Buddha's Teachings: The Four Noble Truths - There is Suffering (1 of 12)
by Katiza Satya
Reality as it is: There is Suffering
Welcoming this new cycle of life, the ending of the old year and the beginning of the New Year, we would like to bring the light of the profound teachings of the Buddha to our Delight community.
May we all feel inspired in our hearts to receive this new decade 2020!
May we aspire to live and share our buddha nature in all moments of life for the benefit of all beings.
“Buddha” means “awakened one” and this term is not referring to a person somewhere in the past but to the potentiality of the clear and luminous nature of our own minds in this body. There have been many living Buddhas in the past and there are also many now, here on earth. The teachings that are mostly known as “Buddha’s teachings” relate to Gautama the Buddha. The first teachings that he transmitted from the embodiment of the awakened mind were the 4 noble truths and the eightfold path.
I feel happy and full of gratitude to be opening this cycle of teachings and share them with you. Because the buddha’s teachings are for me not only words or teachings, but they are a living reality. I was blessed to encounter the buddha in a very direct way at an early age when I encountered my own death in an accident. The body died (for a while) and “I” returned to the body. The “I” that returned awake to its true nature, I woke up to reality. After that, I had the clear knowledge that there is only a vast unending continuation of consciousness. The “I” as a separate self entity didn’t exist any more and there was neither death nor birth, the experience was clear and vivid. Existential fear didn't exist in “me”. My trust was a solid and unshakable feeling, this was the ground the “I” rested in and lived as a normal person. But I couldn’t share this feeling with others, so my search started, and I encountered very soon Buddha’s teachings in many ways. This encounter was like finding friends, family and community, it all made sense and was slowly integrated into life. My first realization was that there was suffering, and suffering was part of life, not something to fight against but to allow. Impermanence was part of reality and I had absolute peace with it. I wanted to share this with you because it is exactly here where the Buddha’s teachings start; as an answer, and as an antidote to the human condition of suffering.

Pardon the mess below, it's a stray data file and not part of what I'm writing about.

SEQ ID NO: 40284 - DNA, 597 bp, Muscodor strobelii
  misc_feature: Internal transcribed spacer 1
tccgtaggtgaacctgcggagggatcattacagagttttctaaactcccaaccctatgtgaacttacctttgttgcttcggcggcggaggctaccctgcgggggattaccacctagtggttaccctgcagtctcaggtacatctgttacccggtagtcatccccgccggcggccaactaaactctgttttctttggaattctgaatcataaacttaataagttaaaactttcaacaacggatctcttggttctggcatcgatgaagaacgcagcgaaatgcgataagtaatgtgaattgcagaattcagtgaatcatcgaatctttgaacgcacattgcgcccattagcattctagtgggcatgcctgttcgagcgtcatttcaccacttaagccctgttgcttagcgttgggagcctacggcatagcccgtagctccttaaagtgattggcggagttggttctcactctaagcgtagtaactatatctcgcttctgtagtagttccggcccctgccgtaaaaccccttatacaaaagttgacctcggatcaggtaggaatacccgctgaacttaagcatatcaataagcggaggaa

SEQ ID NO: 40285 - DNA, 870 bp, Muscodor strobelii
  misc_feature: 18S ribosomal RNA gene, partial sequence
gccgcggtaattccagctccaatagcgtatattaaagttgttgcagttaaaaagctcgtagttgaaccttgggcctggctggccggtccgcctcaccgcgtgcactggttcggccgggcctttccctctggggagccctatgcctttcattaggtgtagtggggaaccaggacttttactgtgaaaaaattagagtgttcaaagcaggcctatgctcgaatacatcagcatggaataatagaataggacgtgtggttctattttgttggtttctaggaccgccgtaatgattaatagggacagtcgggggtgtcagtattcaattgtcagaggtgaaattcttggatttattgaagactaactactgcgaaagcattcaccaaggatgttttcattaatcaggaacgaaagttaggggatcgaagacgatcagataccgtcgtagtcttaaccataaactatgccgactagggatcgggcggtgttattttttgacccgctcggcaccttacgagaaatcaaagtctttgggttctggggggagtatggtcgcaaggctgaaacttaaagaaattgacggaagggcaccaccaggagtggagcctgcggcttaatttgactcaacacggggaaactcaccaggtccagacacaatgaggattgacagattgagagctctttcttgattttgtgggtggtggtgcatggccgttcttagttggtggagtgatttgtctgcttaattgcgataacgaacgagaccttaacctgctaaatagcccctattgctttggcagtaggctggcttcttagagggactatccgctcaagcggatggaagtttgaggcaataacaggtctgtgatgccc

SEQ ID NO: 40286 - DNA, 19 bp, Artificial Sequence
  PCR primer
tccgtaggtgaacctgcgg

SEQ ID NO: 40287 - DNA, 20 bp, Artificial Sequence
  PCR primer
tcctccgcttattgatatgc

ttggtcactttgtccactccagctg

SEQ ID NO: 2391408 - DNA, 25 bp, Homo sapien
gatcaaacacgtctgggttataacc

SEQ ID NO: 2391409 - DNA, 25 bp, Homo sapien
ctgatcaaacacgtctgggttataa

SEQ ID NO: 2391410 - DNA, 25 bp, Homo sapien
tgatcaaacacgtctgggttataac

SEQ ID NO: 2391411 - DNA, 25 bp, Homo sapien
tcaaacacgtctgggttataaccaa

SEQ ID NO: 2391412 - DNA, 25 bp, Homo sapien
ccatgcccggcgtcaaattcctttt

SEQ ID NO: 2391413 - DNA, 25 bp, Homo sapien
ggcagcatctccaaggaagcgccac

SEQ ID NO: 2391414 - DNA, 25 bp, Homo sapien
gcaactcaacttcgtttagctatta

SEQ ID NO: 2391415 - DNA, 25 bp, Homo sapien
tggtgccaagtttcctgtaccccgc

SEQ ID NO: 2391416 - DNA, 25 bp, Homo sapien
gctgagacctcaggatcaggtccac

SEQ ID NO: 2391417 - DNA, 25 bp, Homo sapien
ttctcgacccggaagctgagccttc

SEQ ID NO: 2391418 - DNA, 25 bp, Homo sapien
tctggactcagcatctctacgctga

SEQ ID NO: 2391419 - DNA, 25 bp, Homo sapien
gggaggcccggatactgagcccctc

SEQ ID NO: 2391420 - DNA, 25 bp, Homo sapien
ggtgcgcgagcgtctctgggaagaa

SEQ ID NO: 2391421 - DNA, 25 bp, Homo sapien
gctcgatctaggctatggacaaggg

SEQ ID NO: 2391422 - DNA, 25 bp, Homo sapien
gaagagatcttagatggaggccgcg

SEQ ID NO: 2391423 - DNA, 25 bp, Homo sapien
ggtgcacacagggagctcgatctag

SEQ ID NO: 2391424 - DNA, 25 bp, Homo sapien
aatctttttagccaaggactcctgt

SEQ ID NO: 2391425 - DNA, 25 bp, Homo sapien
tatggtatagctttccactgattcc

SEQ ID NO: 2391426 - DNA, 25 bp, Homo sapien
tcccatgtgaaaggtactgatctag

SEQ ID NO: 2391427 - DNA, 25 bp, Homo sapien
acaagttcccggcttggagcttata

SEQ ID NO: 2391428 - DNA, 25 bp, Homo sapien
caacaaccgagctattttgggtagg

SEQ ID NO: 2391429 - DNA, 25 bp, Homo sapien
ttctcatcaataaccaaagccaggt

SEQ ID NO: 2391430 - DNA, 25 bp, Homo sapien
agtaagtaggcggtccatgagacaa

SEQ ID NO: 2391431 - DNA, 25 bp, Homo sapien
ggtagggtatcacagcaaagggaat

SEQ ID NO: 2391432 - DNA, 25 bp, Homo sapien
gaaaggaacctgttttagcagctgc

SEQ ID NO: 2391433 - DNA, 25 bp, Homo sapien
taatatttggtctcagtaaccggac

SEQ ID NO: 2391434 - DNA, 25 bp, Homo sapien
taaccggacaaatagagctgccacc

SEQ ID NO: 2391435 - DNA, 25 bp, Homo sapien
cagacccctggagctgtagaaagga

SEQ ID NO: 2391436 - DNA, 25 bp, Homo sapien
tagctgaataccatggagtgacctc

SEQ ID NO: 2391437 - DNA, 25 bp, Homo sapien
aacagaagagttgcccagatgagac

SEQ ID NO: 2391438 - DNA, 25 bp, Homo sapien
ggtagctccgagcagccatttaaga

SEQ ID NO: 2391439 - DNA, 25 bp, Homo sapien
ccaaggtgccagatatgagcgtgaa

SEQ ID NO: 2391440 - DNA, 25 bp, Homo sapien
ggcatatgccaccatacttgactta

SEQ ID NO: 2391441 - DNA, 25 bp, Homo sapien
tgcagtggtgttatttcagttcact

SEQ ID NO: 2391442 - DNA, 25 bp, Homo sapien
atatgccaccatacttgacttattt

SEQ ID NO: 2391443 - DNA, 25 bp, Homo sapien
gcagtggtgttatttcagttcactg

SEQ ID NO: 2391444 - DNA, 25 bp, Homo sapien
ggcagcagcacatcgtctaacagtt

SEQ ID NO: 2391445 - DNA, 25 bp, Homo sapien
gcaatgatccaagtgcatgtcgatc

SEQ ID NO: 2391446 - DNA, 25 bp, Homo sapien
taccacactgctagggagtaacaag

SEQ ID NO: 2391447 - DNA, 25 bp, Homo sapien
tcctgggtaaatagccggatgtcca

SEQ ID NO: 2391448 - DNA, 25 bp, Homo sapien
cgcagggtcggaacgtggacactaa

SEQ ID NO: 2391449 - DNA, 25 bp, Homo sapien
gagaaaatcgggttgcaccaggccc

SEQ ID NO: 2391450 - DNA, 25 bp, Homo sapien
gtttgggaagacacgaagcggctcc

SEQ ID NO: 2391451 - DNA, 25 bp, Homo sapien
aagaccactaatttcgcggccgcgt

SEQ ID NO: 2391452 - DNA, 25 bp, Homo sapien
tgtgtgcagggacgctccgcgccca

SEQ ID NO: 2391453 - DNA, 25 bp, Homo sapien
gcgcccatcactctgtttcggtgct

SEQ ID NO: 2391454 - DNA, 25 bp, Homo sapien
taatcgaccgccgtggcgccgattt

Two thousand five hundred years ago, Gautama the Buddha, after 7 years of searching and living life renouncing the world, searched urgently to total exhaustion, for liberation (moksha). After great developments of powers and bliss, he was not satisfied. He could find no stable ground of continuation in his exalted states of consciousness. After extreme sadhanas, (spiritual practices), he decided to stop his search and not move or try anything anymore. His first realization was the middle path (meaning no extreme), was needed for a calm and stable mind. Then after this realization the decision to stay quiet and not move, to stop everything, he decided voluntarily to “die”, he stopped trying, stopped reacting and stopped modifying, and entered into meditation seated at the feet of the “bodhi tree”. With his back against the trunk of the tree, ( symbolizing the spinal cord or central channel), he attained and embodied the awakened mind. After this, he was called the “Buddha”. At first, he couldn’t speak, “how I will speak about this?”, he thought, “nobody will understand”. The first words that he found to speak were when he encountered his first disciples. These teachings are known as the 4 Noble Truths. The first noble truth is: “there is suffering”. Meaning the recognition of the condition all human beings encounter in life, the suffering of birth, the suffering of old age, the suffering of sickness, the suffering of death, the suffering of separation from loved ones, the suffering of facing unwanted phenomena, and the suffering of not getting what one is seeking. Like an expert scientist, he discovered and declared the first truth in the human condition: There is Suffering, saying and confirming this is "Reality", this is a condition of life and no one can escape from it.
Writing these words from my birth land Chile, in a time of so much uncertainty, political, social and environmental unrest worldwide, and also visiting my mom in her almost 88 years of life facing old age the inevitable change, Buddha’s teachings are a real reality now in my life. These situations are creating a moment to moment the perfect invitation and the need to recognize our human nature, and our buddha nature fully, and in all situations in life. We come to know and rest in the miracle of the impermanence of all phenomena and our awakened Buddha consciousness that is aware.
Full Moon December 2019
One who sees the Dharma sees me.
One who sees me sees the Dharma.
O wise men, just as a goldsmith would test his gold by burning, cutting and rubbing it, so must you examine my words and accept them, not merely out of reverence for me.
My teaching is not a philosophy. It is the result of direct experience...
My teaching is a means of practice, not something to hold onto or worship.
My teaching is like a raft used to cross the river.
Only a fool would carry the raft around after he had already reached the other shore of liberation.
If you were to follow the Dharma purely out of love for me or because you respect me, I would not accept you as a disciple.
But if you follow the Dharma because you have yourself experienced its truth, because you understand and act accordingly - only under these conditions have you the right to call yourself a disciple.
Katiza Satya is a yogini in heart and soul. She is An experienced Registered Yoga Teacher with Yoga Alliance (ERYT500-RYT 500) and licensed to certify students at the 200 & 500 hour levels.